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Why is Fentanyl So Dangerous?

Fentanyl is the world’s deadliest opioid. Why is fentanyl so dangerous? This drug is responsible for over half of opioid overdose deaths. Fentanyl is 50 to 300 times more potent than morphine. Designed for pain management, fentanyl is manufactured under the names Abstral, Duragesic and Subsys. Most overdose cases and deaths occur in those who had no idea they were ingesting the drug. Fentanyl overdose rates are now 2.5 times higher than heroin. 

What is Fentanyl?

Initially manufactured in Belgium in 1960, fentanyl is a synthetic opioid, such as methadone, and was approved by the FDA in 1968. In initial usage, fentanyl was administered intravenously as an anesthetic, Sublimaze. A transdermal patch was developed some years later. Why is fentanyl so dangerous? Illegal manufacturing and distribution of fentanyl began in the late 1970’s. One form of fentanyl, carfentanil, is up to 10,000 times more potent than morphine. 

Why is Fentanyl So Dangerous?

Reports about law enforcement and medical personnel overdosing on fentanyl after the slightest contact with the smallest amount of the drug have been grossly exagerrated. Still, fentanyl is highly dangerous. For instance, it is fairly common that drug users who are wholly unaware that their drug of choice contains fentanyl experience overdose and even death.

Fentanyl mixes into heroin, cocaine, and illegal prescription medications. In fact, its adaptability is one reason why fentanyl is so dangerous. Illegally manufactured fentanyl comes in the form of candies, blotter paper, pills, powders, nasal sprays, and eye droppers. Young users may unknowingly expose themselves to fentanyl from attractive offers over social media that say nothing about fentanyl.

Signs and Symptoms of Fentanyl Use

One quickly feels the effects of fentanyl after ingestion. Therefore, there is very little time to treat a fentanyl overdose. Recognizing that a person might be living with a fentanyl addiction begins with awareness. Behavioral, psychological, and physical signs and symptoms to be aware of regarding opioid usage include:

  • Impairment of judgment
  • Chronic constipation
  • Nodding off
  • Itchiness of skin
  • Weight loss
  • Slowed motor and cognitive functions
  • Needle marks
  • Troubles with concentration
  • Withdrawing from interactions with family and close friends

Why is fentanyl so dangerous? There is a small window for intervention when the overdose of fentanyl is concerned. The time frame for treatment causes first responders and law enforcement officers to carry with them the opioid antidote Narcan or naloxone for treatment.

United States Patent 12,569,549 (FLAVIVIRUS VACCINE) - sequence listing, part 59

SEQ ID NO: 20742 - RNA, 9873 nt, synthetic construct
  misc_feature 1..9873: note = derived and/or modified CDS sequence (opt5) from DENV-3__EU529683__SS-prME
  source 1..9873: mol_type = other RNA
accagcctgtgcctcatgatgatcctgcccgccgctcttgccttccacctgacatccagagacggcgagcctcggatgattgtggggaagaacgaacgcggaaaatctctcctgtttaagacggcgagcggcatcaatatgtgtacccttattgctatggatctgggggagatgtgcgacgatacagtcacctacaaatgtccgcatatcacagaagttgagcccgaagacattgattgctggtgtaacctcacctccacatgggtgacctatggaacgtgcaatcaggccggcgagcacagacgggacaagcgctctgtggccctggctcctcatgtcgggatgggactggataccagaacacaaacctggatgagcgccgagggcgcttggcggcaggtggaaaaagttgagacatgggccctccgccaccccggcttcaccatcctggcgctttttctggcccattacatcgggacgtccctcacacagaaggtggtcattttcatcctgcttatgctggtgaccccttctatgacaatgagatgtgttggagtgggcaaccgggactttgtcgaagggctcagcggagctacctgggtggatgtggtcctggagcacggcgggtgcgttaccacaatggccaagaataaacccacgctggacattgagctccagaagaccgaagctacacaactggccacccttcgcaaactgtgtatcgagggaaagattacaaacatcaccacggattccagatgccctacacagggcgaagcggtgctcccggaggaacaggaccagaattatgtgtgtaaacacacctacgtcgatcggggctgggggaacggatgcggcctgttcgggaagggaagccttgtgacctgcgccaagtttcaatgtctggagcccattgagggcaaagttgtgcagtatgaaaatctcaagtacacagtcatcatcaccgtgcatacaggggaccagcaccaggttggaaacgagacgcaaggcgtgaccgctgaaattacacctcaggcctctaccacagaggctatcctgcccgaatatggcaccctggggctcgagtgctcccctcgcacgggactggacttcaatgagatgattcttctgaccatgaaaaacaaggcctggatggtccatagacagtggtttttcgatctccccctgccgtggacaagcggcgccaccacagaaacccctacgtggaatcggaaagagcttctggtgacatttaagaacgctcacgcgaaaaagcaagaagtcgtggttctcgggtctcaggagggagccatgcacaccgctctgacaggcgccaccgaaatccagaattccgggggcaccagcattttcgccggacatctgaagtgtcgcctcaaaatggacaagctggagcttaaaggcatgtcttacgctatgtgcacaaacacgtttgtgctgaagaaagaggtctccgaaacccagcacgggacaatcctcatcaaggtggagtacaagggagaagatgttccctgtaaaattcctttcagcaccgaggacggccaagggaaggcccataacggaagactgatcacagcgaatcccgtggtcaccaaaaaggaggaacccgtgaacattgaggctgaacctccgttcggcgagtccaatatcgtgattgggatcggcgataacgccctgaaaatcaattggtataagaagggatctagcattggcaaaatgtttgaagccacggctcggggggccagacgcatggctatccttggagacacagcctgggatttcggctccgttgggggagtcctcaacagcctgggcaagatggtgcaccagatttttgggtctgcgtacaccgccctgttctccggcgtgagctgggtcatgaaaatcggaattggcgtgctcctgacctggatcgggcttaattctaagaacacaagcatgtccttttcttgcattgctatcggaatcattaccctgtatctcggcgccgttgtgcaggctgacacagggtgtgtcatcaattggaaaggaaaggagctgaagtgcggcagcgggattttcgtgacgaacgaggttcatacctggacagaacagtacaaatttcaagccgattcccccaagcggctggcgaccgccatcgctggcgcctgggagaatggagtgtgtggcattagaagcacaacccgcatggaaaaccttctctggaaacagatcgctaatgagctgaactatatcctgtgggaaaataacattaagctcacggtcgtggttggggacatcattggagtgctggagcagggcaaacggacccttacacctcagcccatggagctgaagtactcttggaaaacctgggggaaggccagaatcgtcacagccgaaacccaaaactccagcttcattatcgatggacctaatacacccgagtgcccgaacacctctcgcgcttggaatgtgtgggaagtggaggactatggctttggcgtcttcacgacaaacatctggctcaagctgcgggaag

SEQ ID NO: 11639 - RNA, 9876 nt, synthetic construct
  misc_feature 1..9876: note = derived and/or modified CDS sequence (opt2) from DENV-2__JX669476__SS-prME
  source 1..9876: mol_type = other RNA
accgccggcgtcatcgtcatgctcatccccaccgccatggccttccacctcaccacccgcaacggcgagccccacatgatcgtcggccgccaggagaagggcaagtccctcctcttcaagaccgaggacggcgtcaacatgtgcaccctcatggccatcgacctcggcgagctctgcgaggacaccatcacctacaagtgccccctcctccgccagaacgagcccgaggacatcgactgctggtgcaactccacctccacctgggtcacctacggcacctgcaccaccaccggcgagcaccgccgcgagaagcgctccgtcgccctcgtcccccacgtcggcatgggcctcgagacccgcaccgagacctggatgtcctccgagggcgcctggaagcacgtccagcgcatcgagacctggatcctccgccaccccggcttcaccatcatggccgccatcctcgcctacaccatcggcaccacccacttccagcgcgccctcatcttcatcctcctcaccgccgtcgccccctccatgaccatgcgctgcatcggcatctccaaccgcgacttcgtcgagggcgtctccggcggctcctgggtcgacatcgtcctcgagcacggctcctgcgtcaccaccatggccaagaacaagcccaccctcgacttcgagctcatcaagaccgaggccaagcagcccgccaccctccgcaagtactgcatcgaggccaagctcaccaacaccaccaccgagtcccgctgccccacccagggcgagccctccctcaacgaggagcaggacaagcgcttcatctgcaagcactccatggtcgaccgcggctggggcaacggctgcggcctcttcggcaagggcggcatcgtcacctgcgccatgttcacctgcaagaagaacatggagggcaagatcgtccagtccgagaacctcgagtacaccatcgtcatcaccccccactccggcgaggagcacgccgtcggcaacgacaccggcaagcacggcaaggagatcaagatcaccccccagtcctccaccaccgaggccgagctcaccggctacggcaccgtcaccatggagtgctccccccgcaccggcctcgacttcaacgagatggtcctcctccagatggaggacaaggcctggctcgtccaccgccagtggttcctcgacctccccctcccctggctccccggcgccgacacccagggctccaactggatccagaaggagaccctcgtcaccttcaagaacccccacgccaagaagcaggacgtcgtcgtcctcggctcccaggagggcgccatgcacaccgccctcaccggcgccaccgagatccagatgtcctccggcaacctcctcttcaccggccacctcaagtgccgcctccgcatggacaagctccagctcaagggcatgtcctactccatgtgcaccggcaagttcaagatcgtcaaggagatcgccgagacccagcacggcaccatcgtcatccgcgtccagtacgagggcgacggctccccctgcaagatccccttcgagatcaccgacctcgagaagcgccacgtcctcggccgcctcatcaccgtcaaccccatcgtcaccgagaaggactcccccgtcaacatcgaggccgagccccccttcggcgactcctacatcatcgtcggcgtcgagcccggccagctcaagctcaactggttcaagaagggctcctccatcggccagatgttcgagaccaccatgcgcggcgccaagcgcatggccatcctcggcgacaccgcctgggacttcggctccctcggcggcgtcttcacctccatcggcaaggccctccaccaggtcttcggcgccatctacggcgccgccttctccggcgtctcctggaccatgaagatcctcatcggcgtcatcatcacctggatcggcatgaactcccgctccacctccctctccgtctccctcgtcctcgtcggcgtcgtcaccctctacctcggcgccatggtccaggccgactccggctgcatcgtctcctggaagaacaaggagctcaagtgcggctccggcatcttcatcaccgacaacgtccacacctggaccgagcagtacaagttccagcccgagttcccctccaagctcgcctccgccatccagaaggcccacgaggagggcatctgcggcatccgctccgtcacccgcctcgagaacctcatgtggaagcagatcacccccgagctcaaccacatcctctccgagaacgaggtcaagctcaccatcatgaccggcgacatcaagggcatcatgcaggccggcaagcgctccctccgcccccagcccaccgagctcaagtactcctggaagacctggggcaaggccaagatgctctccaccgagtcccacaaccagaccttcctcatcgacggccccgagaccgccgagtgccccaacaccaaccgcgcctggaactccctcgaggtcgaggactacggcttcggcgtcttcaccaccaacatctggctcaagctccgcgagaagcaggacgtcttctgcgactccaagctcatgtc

Signs and symptoms of a fentanyl overdose include:

  • Extreme sleepiness, inability to stay awake, fatigue
  • Respiratory distress, difficulty in breathing
  • Loss of physical coordination
  • Pinpoint pupils
  • Confusion and  a sense of dizziness
  • Difficulty thinking
  • Coma or unconsciousness
  • Cyanosis (blue tinged skin)
  • Cold or clammy feeling skin

One other factor to understand is what to do with a suspected overdose victim. You should call 911 immediately, but if the victim is unconscious, moving them to a recovery position would be helpful. The recovery position places the victim on their side, bending the knees as if they were in the fetal position, and resting the head on top of the arm. This position reduces the chance of choking. Even with a quick reaction time, it may not be enough to save a victim.

Statistics on Fentanyl

With the emergence of this opioid emergency, researchers have been gathering data to educate the public with the knowledge of why fentanyl is so dangerous. The Centers for Disease Control (CDC) reported that overdose deaths caused by fentanyl doubled in the six-month period from the end of 2016 to the summer of 2017.

Why is fentanyl so dangerous? A glance at the following statistics will magnify the scope of this opioid emergency:

  • 53% of all overdose deaths involve fentanyl
  • Overdose rates involving fentanyl increased 1,105% between 2012 to 2018
  • High profile deaths from fentanyl overdose include rockers Prince and Tom Petty, MLB pitcher Tyler Skaggs, author Michelle McNamara, and rappers Lil Peep and Mac Miller

Concerned About the Dangers of Fentanyl?

In conclusion, if you are in Tennessee and worried about a possible opioid addiction problem with yourself or a loved one, contact us at Tennessee Valley Recovery today. Time is an important element in the recovery from addiction. We offer experienced professionals who can assess and direct you to a treatment program that just might save your life. Our Medication-Assisted Treatment program can be readily applied to treating those with a fentanyl or opioid addiction. Contact us with your questions so we can begin the separation from the dangers of substance abuse.